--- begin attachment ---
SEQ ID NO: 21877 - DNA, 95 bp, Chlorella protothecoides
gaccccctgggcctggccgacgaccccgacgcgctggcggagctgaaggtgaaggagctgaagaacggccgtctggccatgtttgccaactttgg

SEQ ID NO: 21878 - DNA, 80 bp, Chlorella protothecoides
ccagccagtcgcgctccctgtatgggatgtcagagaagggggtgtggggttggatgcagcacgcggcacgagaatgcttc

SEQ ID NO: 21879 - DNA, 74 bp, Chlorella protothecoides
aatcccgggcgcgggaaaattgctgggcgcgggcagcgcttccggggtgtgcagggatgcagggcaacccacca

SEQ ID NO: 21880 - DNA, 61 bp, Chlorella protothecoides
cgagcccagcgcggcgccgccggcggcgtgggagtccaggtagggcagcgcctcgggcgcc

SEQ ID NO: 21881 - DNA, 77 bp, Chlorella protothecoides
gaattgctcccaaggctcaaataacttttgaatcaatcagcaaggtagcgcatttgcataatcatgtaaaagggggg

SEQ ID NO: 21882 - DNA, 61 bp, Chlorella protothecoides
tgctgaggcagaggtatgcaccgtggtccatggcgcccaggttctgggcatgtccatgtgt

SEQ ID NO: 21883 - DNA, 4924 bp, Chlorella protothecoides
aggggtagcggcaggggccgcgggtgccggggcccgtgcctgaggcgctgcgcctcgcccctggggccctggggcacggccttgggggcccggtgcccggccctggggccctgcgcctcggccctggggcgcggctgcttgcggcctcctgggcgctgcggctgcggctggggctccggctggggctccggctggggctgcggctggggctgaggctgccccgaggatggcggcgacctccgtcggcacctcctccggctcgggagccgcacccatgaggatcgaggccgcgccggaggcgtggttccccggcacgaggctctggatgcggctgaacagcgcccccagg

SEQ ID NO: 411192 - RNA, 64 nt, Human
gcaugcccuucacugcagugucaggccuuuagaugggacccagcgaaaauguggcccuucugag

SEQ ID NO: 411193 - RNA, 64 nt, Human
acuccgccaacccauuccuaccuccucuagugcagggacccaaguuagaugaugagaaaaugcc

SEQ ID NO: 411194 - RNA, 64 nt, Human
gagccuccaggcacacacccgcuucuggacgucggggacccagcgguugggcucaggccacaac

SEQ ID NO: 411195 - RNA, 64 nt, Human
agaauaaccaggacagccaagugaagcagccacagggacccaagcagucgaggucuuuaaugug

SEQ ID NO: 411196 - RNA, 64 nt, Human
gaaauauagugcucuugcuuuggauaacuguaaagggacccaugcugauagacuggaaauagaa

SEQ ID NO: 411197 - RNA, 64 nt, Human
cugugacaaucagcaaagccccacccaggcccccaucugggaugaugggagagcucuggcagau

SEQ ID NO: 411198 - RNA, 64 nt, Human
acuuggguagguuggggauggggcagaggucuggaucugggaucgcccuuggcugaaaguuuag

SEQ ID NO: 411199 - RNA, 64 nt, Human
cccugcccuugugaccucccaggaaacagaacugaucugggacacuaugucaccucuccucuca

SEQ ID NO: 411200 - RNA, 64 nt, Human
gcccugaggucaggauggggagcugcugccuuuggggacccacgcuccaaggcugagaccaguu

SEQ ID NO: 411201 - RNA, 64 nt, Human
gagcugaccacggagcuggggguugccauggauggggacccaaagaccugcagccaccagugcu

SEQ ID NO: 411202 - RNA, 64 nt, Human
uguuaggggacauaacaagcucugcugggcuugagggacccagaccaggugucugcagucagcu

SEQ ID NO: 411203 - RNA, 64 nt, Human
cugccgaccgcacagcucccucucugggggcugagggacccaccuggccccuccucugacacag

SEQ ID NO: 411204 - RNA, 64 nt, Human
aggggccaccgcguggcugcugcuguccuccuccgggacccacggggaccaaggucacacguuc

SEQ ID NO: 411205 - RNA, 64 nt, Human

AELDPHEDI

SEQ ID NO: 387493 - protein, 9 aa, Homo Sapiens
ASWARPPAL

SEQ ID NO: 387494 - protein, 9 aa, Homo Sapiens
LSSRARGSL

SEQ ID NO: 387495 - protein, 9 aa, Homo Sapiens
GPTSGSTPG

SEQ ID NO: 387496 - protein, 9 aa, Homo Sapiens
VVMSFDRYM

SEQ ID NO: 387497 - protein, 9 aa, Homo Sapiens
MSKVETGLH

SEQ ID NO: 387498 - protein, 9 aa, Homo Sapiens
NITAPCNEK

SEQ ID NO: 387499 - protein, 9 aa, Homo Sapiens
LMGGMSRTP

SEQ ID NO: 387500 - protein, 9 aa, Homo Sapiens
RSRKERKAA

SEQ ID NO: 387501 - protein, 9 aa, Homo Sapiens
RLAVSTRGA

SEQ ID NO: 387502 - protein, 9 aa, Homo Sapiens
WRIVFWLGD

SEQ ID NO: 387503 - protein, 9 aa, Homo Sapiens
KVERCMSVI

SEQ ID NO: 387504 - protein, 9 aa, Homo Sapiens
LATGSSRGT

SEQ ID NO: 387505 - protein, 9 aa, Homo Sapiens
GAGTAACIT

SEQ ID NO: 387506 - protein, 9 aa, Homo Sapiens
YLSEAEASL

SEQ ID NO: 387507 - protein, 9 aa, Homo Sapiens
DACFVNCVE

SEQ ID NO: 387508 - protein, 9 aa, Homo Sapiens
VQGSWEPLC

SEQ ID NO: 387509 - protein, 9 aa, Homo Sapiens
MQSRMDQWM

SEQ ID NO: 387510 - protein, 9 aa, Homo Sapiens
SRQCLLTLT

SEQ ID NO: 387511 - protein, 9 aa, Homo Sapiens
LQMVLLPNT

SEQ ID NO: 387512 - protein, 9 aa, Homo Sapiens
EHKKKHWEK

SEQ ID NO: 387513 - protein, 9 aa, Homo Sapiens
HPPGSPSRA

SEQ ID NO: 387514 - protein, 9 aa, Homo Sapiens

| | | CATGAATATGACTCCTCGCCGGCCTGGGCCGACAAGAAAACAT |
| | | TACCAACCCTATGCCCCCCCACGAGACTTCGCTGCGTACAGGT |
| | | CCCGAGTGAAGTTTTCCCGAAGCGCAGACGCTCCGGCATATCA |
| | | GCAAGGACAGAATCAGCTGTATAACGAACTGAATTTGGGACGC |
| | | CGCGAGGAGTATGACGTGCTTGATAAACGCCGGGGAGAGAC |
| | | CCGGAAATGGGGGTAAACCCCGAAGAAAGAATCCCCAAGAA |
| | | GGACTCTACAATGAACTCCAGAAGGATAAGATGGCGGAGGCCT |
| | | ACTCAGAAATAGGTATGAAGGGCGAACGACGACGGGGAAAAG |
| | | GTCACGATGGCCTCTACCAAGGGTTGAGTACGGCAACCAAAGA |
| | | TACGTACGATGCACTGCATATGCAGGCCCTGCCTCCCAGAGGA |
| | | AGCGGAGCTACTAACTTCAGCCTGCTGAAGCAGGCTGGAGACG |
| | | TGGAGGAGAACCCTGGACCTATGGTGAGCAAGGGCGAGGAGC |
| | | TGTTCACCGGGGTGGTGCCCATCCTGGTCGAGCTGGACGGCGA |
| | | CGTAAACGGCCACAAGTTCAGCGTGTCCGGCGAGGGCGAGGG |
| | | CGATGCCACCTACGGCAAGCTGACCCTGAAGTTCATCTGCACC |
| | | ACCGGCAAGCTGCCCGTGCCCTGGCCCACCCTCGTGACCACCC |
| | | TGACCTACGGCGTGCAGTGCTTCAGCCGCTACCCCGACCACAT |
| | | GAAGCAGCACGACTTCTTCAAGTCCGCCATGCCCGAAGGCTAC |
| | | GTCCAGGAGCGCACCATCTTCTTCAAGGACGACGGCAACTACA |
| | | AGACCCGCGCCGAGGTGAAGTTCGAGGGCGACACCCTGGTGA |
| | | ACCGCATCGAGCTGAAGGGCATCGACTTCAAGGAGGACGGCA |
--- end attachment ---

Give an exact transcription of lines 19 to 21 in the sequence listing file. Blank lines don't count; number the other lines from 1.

SEQ ID NO: 411194 - RNA, 64 nt, Human
gagccuccaggcacacacccgcuucuggacgucggggacccagcgguugggcucaggccacaac

SEQ ID NO: 411195 - RNA, 64 nt, Human